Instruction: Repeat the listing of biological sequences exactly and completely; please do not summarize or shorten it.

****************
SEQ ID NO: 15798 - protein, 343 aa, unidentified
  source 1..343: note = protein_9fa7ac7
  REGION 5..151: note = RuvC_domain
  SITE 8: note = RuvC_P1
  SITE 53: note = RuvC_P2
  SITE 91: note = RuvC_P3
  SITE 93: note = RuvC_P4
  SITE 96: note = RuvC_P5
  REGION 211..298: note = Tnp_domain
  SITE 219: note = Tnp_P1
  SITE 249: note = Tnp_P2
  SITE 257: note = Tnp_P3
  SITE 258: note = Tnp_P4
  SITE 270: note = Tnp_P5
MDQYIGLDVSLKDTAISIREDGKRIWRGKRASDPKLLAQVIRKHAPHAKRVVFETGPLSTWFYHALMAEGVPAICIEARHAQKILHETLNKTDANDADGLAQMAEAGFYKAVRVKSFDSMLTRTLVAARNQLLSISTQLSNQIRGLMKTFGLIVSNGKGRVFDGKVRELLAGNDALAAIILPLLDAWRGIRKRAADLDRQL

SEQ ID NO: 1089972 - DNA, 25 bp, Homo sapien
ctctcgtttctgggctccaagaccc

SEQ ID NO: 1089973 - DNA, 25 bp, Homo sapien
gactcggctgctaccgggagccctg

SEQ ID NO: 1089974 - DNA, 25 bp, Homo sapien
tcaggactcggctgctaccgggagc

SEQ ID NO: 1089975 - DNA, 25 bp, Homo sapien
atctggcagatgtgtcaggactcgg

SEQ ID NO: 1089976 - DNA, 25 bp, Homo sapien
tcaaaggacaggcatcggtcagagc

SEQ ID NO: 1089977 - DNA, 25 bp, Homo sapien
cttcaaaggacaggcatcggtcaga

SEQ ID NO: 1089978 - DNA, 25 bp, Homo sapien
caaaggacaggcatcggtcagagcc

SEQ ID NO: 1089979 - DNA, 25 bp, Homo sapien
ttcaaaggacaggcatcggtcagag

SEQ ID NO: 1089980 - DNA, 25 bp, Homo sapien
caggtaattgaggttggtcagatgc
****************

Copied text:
SEQ ID NO: 15798 - protein, 343 aa, unidentified
  source 1..343: note = protein_9fa7ac7
  REGION 5..151: note = RuvC_domain
  SITE 8: note = RuvC_P1
  SITE 53: note = RuvC_P2
  SITE 91: note = RuvC_P3
  SITE 93: note = RuvC_P4
  SITE 96: note = RuvC_P5
  REGION 211..298: note = Tnp_domain
  SITE 219: note = Tnp_P1
  SITE 249: note = Tnp_P2
  SITE 257: note = Tnp_P3
  SITE 258: note = Tnp_P4
  SITE 270: note = Tnp_P5
MDQYIGLDVSLKDTAISIREDGKRIWRGKRASDPKLLAQVIRKHAPHAKRVVFETGPLSTWFYHALMAEGVPAICIEARHAQKILHETLNKTDANDADGLAQMAEAGFYKAVRVKSFDSMLTRTLVAARNQLLSISTQLSNQIRGLMKTFGLIVSNGKGRVFDGKVRELLAGNDALAAIILPLLDAWRGIRKRAADLDRQL

SEQ ID NO: 1089972 - DNA, 25 bp, Homo sapien
ctctcgtttctgggctccaagaccc

SEQ ID NO: 1089973 - DNA, 25 bp, Homo sapien
gactcggctgctaccgggagccctg

SEQ ID NO: 1089974 - DNA, 25 bp, Homo sapien
tcaggactcggctgctaccgggagc

SEQ ID NO: 1089975 - DNA, 25 bp, Homo sapien
atctggcagatgtgtcaggactcgg

SEQ ID NO: 1089976 - DNA, 25 bp, Homo sapien
tcaaaggacaggcatcggtcagagc

SEQ ID NO: 1089977 - DNA, 25 bp, Homo sapien
cttcaaaggacaggcatcggtcaga

SEQ ID NO: 1089978 - DNA, 25 bp, Homo sapien
caaaggacaggcatcggtcagagcc

SEQ ID NO: 1089979 - DNA, 25 bp, Homo sapien
ttcaaaggacaggcatcggtcagag

SEQ ID NO: 1089980 - DNA, 25 bp, Homo sapien
caggtaattgaggttggtcagatgc